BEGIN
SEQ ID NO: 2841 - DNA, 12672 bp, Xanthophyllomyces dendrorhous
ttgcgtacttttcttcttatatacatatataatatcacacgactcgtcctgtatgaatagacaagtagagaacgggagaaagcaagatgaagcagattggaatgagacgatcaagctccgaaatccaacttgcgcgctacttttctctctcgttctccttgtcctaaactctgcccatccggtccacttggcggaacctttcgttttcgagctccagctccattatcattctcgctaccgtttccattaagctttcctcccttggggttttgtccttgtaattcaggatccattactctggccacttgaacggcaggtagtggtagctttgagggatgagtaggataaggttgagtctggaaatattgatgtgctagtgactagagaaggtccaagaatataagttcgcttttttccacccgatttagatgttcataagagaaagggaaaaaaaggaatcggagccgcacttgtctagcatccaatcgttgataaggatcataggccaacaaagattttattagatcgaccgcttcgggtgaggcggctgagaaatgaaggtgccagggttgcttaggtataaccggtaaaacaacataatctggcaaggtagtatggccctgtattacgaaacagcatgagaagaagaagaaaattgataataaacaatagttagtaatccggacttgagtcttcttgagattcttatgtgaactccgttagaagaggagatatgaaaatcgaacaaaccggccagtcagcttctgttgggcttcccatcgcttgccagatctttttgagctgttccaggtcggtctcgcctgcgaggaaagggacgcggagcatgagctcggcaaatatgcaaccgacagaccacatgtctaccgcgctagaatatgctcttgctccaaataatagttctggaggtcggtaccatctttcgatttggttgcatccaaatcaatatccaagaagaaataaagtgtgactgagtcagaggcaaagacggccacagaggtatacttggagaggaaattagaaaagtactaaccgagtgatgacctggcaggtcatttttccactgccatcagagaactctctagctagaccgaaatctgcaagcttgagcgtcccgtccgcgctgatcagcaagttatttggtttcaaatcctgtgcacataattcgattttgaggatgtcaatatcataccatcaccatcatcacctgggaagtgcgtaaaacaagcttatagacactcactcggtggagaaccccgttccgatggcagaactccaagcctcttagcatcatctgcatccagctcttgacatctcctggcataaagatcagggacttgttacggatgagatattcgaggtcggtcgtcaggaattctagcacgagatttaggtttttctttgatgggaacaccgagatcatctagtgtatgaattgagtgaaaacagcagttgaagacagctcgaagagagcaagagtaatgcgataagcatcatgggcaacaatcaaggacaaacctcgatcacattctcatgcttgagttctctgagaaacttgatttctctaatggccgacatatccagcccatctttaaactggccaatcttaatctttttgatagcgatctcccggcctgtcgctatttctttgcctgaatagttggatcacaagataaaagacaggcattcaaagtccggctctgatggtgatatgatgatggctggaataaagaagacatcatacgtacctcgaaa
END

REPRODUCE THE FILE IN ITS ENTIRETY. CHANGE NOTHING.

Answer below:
SEQ ID NO: 2841 - DNA, 12672 bp, Xanthophyllomyces dendrorhous
ttgcgtacttttcttcttatatacatatataatatcacacgactcgtcctgtatgaatagacaagtagagaacgggagaaagcaagatgaagcagattggaatgagacgatcaagctccgaaatccaacttgcgcgctacttttctctctcgttctccttgtcctaaactctgcccatccggtccacttggcggaacctttcgttttcgagctccagctccattatcattctcgctaccgtttccattaagctttcctcccttggggttttgtccttgtaattcaggatccattactctggccacttgaacggcaggtagtggtagctttgagggatgagtaggataaggttgagtctggaaatattgatgtgctagtgactagagaaggtccaagaatataagttcgcttttttccacccgatttagatgttcataagagaaagggaaaaaaaggaatcggagccgcacttgtctagcatccaatcgttgataaggatcataggccaacaaagattttattagatcgaccgcttcgggtgaggcggctgagaaatgaaggtgccagggttgcttaggtataaccggtaaaacaacataatctggcaaggtagtatggccctgtattacgaaacagcatgagaagaagaagaaaattgataataaacaatagttagtaatccggacttgagtcttcttgagattcttatgtgaactccgttagaagaggagatatgaaaatcgaacaaaccggccagtcagcttctgttgggcttcccatcgcttgccagatctttttgagctgttccaggtcggtctcgcctgcgaggaaagggacgcggagcatgagctcggcaaatatgcaaccgacagaccacatgtctaccgcgctagaatatgctcttgctccaaataatagttctggaggtcggtaccatctttcgatttggttgcatccaaatcaatatccaagaagaaataaagtgtgactgagtcagaggcaaagacggccacagaggtatacttggagaggaaattagaaaagtactaaccgagtgatgacctggcaggtcatttttccactgccatcagagaactctctagctagaccgaaatctgcaagcttgagcgtcccgtccgcgctgatcagcaagttatttggtttcaaatcctgtgcacataattcgattttgaggatgtcaatatcataccatcaccatcatcacctgggaagtgcgtaaaacaagcttatagacactcactcggtggagaaccccgttccgatggcagaactccaagcctcttagcatcatctgcatccagctcttgacatctcctggcataaagatcagggacttgttacggatgagatattcgaggtcggtcgtcaggaattctagcacgagatttaggtttttctttgatgggaacaccgagatcatctagtgtatgaattgagtgaaaacagcagttgaagacagctcgaagagagcaagagtaatgcgataagcatcatgggcaacaatcaaggacaaacctcgatcacattctcatgcttgagttctctgagaaacttgatttctctaatggccgacatatccagcccatctttaaactggccaatcttaatctttttgatagcgatctcccggcctgtcgctatttctttgcctgaatagttggatcacaagataaaagacaggcattcaaagtccggctctgatggtgatatgatgatggctggaataaagaagacatcatacgtacctcgaaa